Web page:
« Few cities can boast its really lovely, romantic, delicious, and utterly most agreeable situation, which can not be expressed in a few words; also for the nice and leggiadrissimo promontory of his famous name, as for the most pure and salutary air waves was called naturae miraculo and highly renowned. »
(Gaetano Moroni, Dizionario di erudizione storico-ecclesiastica, vol. LXVII, p. 233)
Surriento (Surrient in neapolitan) is an Italian town of 16,592 inhabitants of the city of Naples metropolitan area, in Campania.
Tourist destination par excellence, always for its natural and artistic beauty and its traditions, Sorrento is the major center for the number of services offered and also the best known and named for the Sorrento Peninsula. It is Archbishop’s Office.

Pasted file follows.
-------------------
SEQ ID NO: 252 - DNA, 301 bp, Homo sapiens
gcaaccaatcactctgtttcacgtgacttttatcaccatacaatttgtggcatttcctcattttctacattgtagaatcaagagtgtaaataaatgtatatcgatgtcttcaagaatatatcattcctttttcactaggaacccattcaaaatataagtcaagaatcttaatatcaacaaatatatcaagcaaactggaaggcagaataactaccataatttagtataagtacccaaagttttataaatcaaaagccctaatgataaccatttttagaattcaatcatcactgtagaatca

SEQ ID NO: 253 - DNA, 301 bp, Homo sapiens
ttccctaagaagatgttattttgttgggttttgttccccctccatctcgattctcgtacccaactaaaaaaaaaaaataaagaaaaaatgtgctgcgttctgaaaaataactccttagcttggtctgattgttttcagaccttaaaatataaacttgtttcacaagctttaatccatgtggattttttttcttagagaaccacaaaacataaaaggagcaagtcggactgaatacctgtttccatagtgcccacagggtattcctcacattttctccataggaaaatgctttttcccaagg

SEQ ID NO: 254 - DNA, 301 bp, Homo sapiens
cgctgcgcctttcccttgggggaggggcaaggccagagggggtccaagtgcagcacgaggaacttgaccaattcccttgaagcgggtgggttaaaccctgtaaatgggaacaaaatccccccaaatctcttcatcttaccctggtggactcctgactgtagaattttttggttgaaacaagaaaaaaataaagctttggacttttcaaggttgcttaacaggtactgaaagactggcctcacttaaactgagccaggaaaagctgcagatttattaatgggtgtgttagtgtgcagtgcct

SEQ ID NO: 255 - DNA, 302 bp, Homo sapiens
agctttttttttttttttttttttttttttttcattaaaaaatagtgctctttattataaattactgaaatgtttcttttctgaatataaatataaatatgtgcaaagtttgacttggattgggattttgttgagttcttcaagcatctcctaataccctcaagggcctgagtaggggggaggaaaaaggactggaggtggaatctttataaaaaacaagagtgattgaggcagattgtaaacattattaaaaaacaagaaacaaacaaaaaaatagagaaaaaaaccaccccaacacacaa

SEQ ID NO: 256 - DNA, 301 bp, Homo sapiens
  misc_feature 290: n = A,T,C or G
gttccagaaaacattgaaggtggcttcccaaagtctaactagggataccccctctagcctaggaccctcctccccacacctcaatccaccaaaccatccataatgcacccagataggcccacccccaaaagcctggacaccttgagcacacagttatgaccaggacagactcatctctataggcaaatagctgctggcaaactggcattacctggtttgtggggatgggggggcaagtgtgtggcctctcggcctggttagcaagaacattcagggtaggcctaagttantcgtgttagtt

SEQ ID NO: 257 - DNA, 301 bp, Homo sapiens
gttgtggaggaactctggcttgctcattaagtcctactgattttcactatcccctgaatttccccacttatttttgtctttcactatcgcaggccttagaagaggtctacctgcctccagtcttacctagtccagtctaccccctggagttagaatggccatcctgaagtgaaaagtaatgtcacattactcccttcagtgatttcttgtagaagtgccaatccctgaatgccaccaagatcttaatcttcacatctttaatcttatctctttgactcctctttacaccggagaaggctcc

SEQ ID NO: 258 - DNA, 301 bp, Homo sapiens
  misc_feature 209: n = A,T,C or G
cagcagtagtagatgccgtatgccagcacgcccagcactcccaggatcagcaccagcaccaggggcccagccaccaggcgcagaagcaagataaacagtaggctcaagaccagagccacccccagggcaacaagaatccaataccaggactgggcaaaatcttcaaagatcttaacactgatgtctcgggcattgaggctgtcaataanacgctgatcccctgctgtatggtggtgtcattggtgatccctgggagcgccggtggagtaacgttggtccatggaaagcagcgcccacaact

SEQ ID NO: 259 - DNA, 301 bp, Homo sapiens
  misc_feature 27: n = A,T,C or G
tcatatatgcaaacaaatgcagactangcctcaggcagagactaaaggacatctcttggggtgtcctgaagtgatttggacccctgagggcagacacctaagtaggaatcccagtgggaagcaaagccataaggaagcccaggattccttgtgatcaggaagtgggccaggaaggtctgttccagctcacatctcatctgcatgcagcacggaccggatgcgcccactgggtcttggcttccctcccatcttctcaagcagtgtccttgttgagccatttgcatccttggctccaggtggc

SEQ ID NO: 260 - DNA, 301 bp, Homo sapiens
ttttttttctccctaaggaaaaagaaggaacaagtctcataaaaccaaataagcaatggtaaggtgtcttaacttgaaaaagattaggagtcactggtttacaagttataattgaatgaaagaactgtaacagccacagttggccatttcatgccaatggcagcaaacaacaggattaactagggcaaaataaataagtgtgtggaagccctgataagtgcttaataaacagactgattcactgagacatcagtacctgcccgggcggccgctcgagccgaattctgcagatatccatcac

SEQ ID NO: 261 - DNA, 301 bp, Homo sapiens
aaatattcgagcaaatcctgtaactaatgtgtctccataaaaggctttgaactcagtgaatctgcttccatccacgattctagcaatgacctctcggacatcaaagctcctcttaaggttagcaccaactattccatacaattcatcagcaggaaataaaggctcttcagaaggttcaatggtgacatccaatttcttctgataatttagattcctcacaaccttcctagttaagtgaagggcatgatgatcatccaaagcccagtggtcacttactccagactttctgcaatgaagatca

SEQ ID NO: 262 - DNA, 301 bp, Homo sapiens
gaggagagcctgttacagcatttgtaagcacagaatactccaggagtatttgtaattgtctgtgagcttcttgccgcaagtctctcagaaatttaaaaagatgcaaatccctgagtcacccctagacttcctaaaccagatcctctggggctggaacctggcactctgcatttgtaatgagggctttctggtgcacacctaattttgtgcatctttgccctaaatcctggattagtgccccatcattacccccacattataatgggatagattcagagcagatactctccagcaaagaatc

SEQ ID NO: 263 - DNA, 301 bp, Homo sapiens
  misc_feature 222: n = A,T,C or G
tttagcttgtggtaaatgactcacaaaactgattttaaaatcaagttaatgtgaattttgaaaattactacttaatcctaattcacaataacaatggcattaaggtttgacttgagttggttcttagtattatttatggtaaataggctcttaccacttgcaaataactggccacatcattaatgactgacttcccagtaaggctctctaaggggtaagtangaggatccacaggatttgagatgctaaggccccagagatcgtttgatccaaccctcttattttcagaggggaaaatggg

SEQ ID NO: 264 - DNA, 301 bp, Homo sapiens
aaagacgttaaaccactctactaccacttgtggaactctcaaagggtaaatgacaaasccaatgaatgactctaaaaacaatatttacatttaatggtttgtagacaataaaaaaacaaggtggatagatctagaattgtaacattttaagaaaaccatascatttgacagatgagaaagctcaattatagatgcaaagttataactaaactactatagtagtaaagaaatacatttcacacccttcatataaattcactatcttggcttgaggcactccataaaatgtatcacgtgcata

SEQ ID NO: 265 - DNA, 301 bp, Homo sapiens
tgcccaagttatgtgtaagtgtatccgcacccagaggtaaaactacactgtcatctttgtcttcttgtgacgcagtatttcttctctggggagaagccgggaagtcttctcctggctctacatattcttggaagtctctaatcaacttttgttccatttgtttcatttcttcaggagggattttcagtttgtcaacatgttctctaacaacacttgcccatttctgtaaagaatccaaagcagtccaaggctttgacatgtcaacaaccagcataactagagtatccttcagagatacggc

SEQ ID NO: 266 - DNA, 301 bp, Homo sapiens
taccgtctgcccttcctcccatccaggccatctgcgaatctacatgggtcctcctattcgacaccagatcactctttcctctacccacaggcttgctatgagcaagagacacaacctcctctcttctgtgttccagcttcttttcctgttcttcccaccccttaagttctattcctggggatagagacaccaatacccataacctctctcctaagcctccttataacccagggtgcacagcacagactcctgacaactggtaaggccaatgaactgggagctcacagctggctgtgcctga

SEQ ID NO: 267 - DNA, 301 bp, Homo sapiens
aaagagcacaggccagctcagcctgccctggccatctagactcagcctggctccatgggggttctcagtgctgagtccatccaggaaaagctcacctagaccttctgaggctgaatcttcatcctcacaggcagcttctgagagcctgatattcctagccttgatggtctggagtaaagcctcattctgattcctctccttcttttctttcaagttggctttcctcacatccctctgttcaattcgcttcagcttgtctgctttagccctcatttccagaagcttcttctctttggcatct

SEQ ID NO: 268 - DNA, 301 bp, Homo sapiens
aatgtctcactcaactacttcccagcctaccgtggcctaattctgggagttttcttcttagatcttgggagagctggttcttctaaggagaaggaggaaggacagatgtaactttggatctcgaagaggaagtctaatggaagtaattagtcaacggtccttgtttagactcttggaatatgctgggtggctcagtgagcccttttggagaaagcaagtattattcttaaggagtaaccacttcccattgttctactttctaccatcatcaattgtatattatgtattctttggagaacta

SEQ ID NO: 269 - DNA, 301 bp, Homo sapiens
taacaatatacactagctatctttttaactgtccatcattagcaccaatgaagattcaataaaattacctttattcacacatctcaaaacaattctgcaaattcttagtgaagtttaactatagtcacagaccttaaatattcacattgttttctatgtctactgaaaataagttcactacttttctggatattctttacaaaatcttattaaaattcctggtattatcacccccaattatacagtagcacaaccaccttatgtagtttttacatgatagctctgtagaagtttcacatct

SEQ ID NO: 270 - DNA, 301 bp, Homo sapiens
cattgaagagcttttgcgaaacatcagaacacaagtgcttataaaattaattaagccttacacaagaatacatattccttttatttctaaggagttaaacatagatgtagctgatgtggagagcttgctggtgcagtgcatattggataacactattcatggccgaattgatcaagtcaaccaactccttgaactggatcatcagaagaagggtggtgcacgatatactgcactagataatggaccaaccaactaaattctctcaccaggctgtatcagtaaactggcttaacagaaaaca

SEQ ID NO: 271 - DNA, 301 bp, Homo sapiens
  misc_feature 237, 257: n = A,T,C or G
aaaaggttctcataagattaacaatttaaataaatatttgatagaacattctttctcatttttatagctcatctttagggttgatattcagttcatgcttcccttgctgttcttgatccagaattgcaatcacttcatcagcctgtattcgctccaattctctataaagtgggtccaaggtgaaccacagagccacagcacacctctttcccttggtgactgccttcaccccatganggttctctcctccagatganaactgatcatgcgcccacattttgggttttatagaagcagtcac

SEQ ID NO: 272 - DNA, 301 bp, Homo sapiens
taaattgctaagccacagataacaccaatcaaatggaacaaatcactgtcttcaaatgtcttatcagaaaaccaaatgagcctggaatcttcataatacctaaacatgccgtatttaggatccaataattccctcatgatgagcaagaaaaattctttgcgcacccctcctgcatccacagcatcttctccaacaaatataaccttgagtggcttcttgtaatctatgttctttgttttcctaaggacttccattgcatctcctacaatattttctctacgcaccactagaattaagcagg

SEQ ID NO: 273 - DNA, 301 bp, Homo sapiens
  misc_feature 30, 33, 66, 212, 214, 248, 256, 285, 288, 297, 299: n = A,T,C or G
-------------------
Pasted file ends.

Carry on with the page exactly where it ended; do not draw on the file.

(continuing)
The foundation is traditionally and legendarily attributed to the Greeks, but Sorrento had as first inhabitants settled the Italic peoples, the Etruscans and then, from 420 BC, there was important the influence of Osci. In the Roman era it is remembered for having taken part in the Italic (90 BC); There was then a colony derived from Silla, which was followed later an appropriation of veterans of Octavian. It was then the town hall of Menenia tribes. Was a bishopric from at least 420. During the crisis of Byzantine rule in Italy, Sorrento gained autonomy as a duchy, first under the rule of the dukes of Naples, then with archons and their dukes, always fighting with Amalfi, Salerno and the Saracens. The history of Sorrento is indistinguishable from that of other cities of Campania; He took part in the anti-Muslim alloys; He fought the Lombards of Benevento; experienced family struggles among the local nobles. Obligated in sec. IX by Guaimario to accept as their duke’s brother, Guido, the Duchy of Sorrento resumed its autonomy after the latter’s death and then lose it for good in 1137, absorbed into the new kingdom of the Normans. Sorrento has since followed the fate of the kingdom, not without rebellion and conflict, especially early age Aragonese. In 1558 it was taken and plundered by the Turks; in the winter of 1648 the city valiantly sustained the siege of John Grillo, General the Duke of Guise.